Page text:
Women are catching up in business.
The number of women running their own companies in New York City nearly doubled in the past decade, data shows. However, there are still areas where they’re falling behind their male counterparts.
Female business owners last year employed more than 190,000 people and produced roughly $50 billion in sales revenue per year, according to a report released in November 2015 by the city agency Women Entrepreneurs (WE) NYC.
But men owned 1.5 times the number of businesses as women, and those businesses employed roughly 3.5 times the number of people while earning about 4.5 times more revenue per year, the report found.
“Women entrepreneurs are key economic actors in the city. They have a real impact here,” said Rachel Von Tosh, acting commissioner for business development at the NYC department of Small Business Services. “They also contribute to their communities and to their families in a really meaningful way.”
To try to close the gap, the city this year will offer free programs, such as classes and mentorships, to 5,000 female entrepreneurs around the city. The mentorship program was unveiled at an event Tuesday and will feature 17 accomplished businesswomen from fields such as health care, tech and public relations, including Karen Taylor Bass, founder of TaylorMade Media, and Liz Gutman, who owns the Brooklyn-based treats empire Liddabit Sweets.
But rather than wait for the government to solve the problem, women business owners have been hosting grassroots workshops and panels to help each other grow their companies.
Female entrepreneurship in New York City grew by 43% since 2002, according to the WE NYC report. The number of male-owned businesses rose 25% in that time period.
There were 114,896 female-owned businesses in the city in 2012, according to census data. They employed 124,952 people and earned more than $31 billion in revenue that year.
A number of factors are contributing to the rise in women business owners, according to Carla Harris, chair of the National Women’s Business Council.
Women who were laid off during the recession and those in the millennial generation have become hungry to run their own businesses, she said. Meanwhile, successful businesswomen are looking to become angel investors to help other women, and incubators provided by the city make resources available for growing businesses.
“Necessity becomes the mother of invention,” Harris said. “The network is broadening.”
Obstacles that women business owners face range from emotional insecurities to a lack of access to capital, according to WE NYC, which surveyed more than 1,500 businesswomen in New York City.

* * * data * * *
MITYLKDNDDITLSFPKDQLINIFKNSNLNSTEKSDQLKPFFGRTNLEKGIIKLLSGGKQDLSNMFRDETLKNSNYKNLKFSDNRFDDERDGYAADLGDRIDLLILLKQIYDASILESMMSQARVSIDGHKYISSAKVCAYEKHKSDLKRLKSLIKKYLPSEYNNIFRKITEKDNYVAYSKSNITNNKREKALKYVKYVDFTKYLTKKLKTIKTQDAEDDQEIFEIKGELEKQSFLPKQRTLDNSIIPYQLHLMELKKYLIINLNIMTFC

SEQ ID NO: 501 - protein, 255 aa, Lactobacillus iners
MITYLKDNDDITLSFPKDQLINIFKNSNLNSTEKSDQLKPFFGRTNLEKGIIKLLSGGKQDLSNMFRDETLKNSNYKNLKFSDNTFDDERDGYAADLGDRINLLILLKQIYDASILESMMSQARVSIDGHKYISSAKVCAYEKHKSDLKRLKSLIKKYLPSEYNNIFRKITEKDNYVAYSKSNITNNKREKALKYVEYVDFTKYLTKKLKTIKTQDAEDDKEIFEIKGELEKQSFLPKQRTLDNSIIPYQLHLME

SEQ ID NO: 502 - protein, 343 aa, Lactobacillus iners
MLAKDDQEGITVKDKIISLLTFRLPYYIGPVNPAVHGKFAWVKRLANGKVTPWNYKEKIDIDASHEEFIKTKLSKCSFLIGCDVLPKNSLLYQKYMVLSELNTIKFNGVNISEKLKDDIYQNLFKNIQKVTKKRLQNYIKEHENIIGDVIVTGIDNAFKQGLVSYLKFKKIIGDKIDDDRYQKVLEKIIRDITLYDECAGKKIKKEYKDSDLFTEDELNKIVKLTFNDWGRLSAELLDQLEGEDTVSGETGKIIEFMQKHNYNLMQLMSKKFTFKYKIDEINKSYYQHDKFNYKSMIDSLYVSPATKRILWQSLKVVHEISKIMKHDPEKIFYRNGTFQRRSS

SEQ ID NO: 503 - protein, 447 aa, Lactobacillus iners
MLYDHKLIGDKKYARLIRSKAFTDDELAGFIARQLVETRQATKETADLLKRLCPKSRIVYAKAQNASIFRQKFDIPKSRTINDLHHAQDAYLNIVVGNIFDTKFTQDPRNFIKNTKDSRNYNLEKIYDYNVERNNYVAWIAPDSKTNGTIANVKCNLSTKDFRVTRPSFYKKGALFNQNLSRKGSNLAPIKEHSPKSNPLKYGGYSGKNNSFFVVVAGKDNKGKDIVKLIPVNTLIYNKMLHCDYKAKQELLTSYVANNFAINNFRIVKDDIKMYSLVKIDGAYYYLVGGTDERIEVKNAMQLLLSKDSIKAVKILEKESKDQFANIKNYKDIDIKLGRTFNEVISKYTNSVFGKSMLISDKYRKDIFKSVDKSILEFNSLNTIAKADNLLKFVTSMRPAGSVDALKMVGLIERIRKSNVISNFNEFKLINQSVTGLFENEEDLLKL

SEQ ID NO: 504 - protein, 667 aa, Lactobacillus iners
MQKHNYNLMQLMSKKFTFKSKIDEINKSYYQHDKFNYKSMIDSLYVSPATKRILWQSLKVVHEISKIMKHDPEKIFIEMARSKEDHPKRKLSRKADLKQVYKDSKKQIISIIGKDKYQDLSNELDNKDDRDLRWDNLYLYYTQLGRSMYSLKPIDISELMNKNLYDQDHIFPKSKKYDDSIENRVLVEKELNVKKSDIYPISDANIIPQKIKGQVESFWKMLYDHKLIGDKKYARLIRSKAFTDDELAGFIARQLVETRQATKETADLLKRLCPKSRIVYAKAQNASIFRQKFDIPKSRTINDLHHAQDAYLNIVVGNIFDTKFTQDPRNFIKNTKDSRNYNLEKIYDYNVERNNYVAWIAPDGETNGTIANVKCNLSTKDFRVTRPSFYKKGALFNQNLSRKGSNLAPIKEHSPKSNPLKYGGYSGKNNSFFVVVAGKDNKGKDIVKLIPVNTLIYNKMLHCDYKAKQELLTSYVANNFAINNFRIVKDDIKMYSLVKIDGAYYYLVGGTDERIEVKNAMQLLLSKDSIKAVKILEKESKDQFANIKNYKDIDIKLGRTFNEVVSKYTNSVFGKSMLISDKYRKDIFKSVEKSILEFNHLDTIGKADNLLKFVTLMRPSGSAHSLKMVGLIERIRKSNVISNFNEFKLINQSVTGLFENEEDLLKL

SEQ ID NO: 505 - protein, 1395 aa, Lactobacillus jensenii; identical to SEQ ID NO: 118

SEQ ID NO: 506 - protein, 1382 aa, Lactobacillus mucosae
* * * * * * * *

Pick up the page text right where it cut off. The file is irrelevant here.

One of the most notable numbers to come out of the report was that 75% of the women surveyed said a “lack of confidence” is a struggle. Similarly, less than one third of the women rated themselves proficient in soft skills like negotiations.
To start their businesses, more than half of the city’s female entrepreneurs had less than $10,000 in initial capital, compared to 33% of men. Only 10% of women rely on banks for capital, compared to 20% of men. Loan approval rates are 15-20% lower for female business owners than for men across the United States, WE NYC found.
Naama Bloom, 43, who founded the women’s health and wellness website HelloFlo in 2013 with $10,000 in startup capital, said she has found it difficult to be confident.
Despite HelloFlo becoming a global brand, and her receiving numerous business awards, when people ask her what she does for a living, “I’m like, ‘I run a little e-commerce website,’” said Bloom, who currently has two full-time employees. Though she knows she is successful, there’s a nagging voice that says, “‘I can’t pay myself a real salary,’” she said. “I feel like I should be doing better.”
But Jason Saltzman, co-founder of NYC-based co-working space Alley, said the roller coaster of success and failure in running a business would hurt anyone’s confidence.
Despite starting Alley in May 2012 with $1 million from angel funding and 16,000 square feet in New York City real estate — and having raised another $16 million to date from private equity investors, while currently employing 35 people — Saltzman said he still has bad days and battles his own fears.
“It’s a very emotional process. One day is the best day of your life, directly followed by the worst day of your life,” he said. “The best CEOs in the world have gone through this.”
In addition to its mentorship program, WE NYC will hosts networking events and, starting this spring, will offer master courses on subjects such as money and credit, how to obtain funding, and leadership, specifically in areas like negotiations and communications.
But New Yorkers are keen on solving problems themselves, and a number of female business owners amNewYork spoke with said they’ve already been hosting workshops in their stores and living rooms.
Makini Brereton, 34, who runs Makini Regal Designs, a floral design company that she started in 2011 with less than $10,000 and currently operates out of her Bed-Stuy brownstone, is part of a group of female business owners that periodically meet with experts to seek advice.
“We’ve decided to be our own support system,” she said.
Dorie Smith and her co-founder, Emelyn Northway, who together run the NYC-based workwear apparel company Of Mercer, which they started two years ago with $10,000, have a co-working space for entrepreneurs in their West 21st Street retail store.
Their company, which has five full-time employees, hosts informal panels where business experts come to engage in conversations with budding female entrepreneurs.
“One of the things we found surprising was how open and supportive other female entrepreneurs were,” Smith said of her networking experiences. “We see such a culture of sharing, because it feels like you’re helping a friend.”